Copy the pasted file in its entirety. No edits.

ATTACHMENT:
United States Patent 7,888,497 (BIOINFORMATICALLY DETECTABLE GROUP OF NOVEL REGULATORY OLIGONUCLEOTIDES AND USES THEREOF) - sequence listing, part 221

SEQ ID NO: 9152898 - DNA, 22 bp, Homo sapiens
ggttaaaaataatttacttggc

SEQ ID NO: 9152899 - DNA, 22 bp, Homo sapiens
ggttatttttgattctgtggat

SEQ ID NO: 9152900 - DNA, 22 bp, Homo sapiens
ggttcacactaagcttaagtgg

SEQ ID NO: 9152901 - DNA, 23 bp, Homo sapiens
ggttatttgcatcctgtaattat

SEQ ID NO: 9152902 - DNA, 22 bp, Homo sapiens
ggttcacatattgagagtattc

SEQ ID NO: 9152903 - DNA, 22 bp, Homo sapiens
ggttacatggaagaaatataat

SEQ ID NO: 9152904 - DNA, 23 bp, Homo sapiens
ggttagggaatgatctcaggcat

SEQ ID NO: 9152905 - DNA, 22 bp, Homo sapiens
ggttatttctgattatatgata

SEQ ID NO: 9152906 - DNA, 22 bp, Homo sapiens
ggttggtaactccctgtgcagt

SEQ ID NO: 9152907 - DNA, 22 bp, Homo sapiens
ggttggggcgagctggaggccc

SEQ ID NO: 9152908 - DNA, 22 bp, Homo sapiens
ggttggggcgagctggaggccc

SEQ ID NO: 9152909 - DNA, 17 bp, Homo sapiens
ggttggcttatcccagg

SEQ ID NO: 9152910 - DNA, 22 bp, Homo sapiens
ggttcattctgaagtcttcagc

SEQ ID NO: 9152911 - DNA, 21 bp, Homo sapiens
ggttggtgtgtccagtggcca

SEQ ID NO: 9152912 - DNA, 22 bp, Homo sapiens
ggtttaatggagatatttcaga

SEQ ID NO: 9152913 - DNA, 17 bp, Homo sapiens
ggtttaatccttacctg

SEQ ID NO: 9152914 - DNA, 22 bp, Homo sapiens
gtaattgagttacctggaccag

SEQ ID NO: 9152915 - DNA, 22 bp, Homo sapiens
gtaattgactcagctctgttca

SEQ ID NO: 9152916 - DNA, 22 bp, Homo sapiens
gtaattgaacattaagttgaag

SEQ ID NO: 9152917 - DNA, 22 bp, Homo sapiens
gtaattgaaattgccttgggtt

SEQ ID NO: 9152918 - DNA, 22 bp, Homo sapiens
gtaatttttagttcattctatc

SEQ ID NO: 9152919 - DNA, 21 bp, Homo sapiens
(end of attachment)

United States Patent 7,888,497 (BIOINFORMATICALLY DETECTABLE GROUP OF NOVEL REGULATORY OLIGONUCLEOTIDES AND USES THEREOF) - sequence listing, part 221

SEQ ID NO: 9152898 - DNA, 22 bp, Homo sapiens
ggttaaaaataatttacttggc

SEQ ID NO: 9152899 - DNA, 22 bp, Homo sapiens
ggttatttttgattctgtggat

SEQ ID NO: 9152900 - DNA, 22 bp, Homo sapiens
ggttcacactaagcttaagtgg

SEQ ID NO: 9152901 - DNA, 23 bp, Homo sapiens
ggttatttgcatcctgtaattat

SEQ ID NO: 9152902 - DNA, 22 bp, Homo sapiens
ggttcacatattgagagtattc

SEQ ID NO: 9152903 - DNA, 22 bp, Homo sapiens
ggttacatggaagaaatataat

SEQ ID NO: 9152904 - DNA, 23 bp, Homo sapiens
ggttagggaatgatctcaggcat

SEQ ID NO: 9152905 - DNA, 22 bp, Homo sapiens
ggttatttctgattatatgata

SEQ ID NO: 9152906 - DNA, 22 bp, Homo sapiens
ggttggtaactccctgtgcagt

SEQ ID NO: 9152907 - DNA, 22 bp, Homo sapiens
ggttggggcgagctggaggccc

SEQ ID NO: 9152908 - DNA, 22 bp, Homo sapiens
ggttggggcgagctggaggccc

SEQ ID NO: 9152909 - DNA, 17 bp, Homo sapiens
ggttggcttatcccagg

SEQ ID NO: 9152910 - DNA, 22 bp, Homo sapiens
ggttcattctgaagtcttcagc

SEQ ID NO: 9152911 - DNA, 21 bp, Homo sapiens
ggttggtgtgtccagtggcca

SEQ ID NO: 9152912 - DNA, 22 bp, Homo sapiens
ggtttaatggagatatttcaga

SEQ ID NO: 9152913 - DNA, 17 bp, Homo sapiens
ggtttaatccttacctg

SEQ ID NO: 9152914 - DNA, 22 bp, Homo sapiens
gtaattgagttacctggaccag

SEQ ID NO: 9152915 - DNA, 22 bp, Homo sapiens
gtaattgactcagctctgttca

SEQ ID NO: 9152916 - DNA, 22 bp, Homo sapiens
gtaattgaacattaagttgaag

SEQ ID NO: 9152917 - DNA, 22 bp, Homo sapiens
gtaattgaaattgccttgggtt

SEQ ID NO: 9152918 - DNA, 22 bp, Homo sapiens
gtaatttttagttcattctatc

SEQ ID NO: 9152919 - DNA, 21 bp, Homo sapiens